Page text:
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A variety of stained glass windows from readers

BunBun – a stained glass toy!

A favourite toy in glass

A favourite toy in glass

This panel was based on a very battered, much loved toy. I started by photographing and drawing the rabbit with the 3 babies in her pockets, then left the drawings in my sketch book for a couple of years until I’d learned the skills to enable me to make it in glass! I wanted something lively and colourful, which would form a good backlit panel in a bedroom, so a combined fused, painted & leaded approach seemed to offer the best solution.

The main sections of the rabbits are fused Bullseye glass. The smaller pieces were cut out & fused onto larger white opaque base pieces. This was a fairly risky approach, as the cutting was time consuming and it could all have failed in the kiln. The next stage was to paint on the tiny flowers and other details. The background pieces were selected a bit like choosing fabrics for a patchwork. I wanted warm colours to complement the bright, harsh yellow of the rabbit’s fur. The BunBun title and some more tiny flowers were added, all painted freehand. By Sarah D

Fused Glass Cathedral Garden

by Claudia
(Fort Collins, CO)

Cathedral garden in glass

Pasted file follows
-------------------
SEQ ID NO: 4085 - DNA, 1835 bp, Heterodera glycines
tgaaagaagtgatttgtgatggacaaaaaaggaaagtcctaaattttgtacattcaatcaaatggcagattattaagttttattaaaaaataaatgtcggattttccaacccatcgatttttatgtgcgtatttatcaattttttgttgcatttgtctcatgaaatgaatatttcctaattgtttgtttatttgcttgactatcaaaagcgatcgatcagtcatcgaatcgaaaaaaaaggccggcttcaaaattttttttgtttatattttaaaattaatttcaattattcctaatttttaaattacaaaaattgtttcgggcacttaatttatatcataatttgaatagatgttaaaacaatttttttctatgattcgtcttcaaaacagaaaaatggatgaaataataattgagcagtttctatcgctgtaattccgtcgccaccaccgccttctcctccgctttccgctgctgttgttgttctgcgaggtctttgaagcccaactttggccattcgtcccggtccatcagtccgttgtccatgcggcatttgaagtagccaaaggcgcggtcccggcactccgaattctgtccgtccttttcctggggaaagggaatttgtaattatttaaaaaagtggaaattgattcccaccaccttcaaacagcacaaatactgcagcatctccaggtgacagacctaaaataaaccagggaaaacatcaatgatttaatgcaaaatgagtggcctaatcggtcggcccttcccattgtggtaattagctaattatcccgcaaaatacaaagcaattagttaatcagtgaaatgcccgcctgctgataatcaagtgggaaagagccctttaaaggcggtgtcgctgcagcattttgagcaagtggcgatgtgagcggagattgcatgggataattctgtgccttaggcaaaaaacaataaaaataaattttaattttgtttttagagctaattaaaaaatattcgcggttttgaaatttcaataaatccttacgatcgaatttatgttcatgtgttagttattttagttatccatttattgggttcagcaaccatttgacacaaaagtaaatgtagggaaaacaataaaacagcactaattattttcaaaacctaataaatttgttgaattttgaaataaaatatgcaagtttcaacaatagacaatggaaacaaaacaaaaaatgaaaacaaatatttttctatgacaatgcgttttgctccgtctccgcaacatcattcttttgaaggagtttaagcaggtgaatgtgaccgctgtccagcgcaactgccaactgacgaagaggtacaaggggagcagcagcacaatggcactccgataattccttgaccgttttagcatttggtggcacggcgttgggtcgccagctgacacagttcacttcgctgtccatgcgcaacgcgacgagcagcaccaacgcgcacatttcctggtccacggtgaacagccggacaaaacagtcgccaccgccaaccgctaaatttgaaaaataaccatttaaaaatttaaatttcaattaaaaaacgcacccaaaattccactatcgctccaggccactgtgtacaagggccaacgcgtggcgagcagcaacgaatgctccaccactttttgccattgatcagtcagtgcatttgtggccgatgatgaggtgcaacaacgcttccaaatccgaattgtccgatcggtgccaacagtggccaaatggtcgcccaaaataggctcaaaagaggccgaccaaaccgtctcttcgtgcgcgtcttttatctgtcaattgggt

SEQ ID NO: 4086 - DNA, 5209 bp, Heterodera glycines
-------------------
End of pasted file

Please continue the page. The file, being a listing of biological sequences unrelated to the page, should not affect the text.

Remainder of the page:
Cathedral garden in glass

Just inspired i suppose…

Milly’s comment: That’s such a lovely piece, thanks! I love the individual attention you’ve given to different areas – I’d certainly want to walk around this garden.

Aila’s Window

by Peter Michael
(Bristol, UK )

Lovely geometric stained glass

Lovely geometric stained glass

This Art Deco influenced glass art work is installed in a stylish 1930’s Bristol home. The window was in memory of Aila – mother to the lady of the house (whom I knew well). The theme was warmth and light, which are emphasised by using a few pieces of strong red, orange and yellow coloured glass. The geometric form represents the straightness and strength of the lady’s character. The cooler tones to the edge of the panel give a gentle perspective of distance to the warmth and light. Clear glass with differing textures (not easily visible in the photo) illustrates complexity of character. Finally, some small elements of dichroic glass glisten brightly at night-time under artificial illumination. Thus the two stained glass panes change character with the illumination but always radiate warmth and interest like Aila herself.

Landscape Patterns

by Jenn
(Bristol UK)

Patterns in Landscape

Patterns in Landscape

This glass art panel was a long time in the making, as I played with techniques such as etching, painting, enamelling and drooling over Dale Chihuly’s work before deciding on the form they would take. It came out of some work I was doing with some textile students, on pattern in landscape.

First ever panel

by Julie-Ann Amos
(Forest of Dean, Gloucestershire, UK)

First ever piece (unnamed)

First ever piece (unnamed)

This was my first ever glass art work, done during a weekend in Bath, South West England.

Indian Textile as Stained Glass Art!

by Jenn
(Bristol UK)

Glass that looks like textiles!

Glass that looks like textiles!

Like most of my glass art pieces, this took rather a lot of playing and experimenting before it was born. It arose because I was teaching textiles with a theme of India. I wanted to produce a piece of glass that reflected the idea of a piece of fabric. It incorporates mirror glass, etching, painting and fusing. It has an irregular edge, though it cannot be seen in this image.

 

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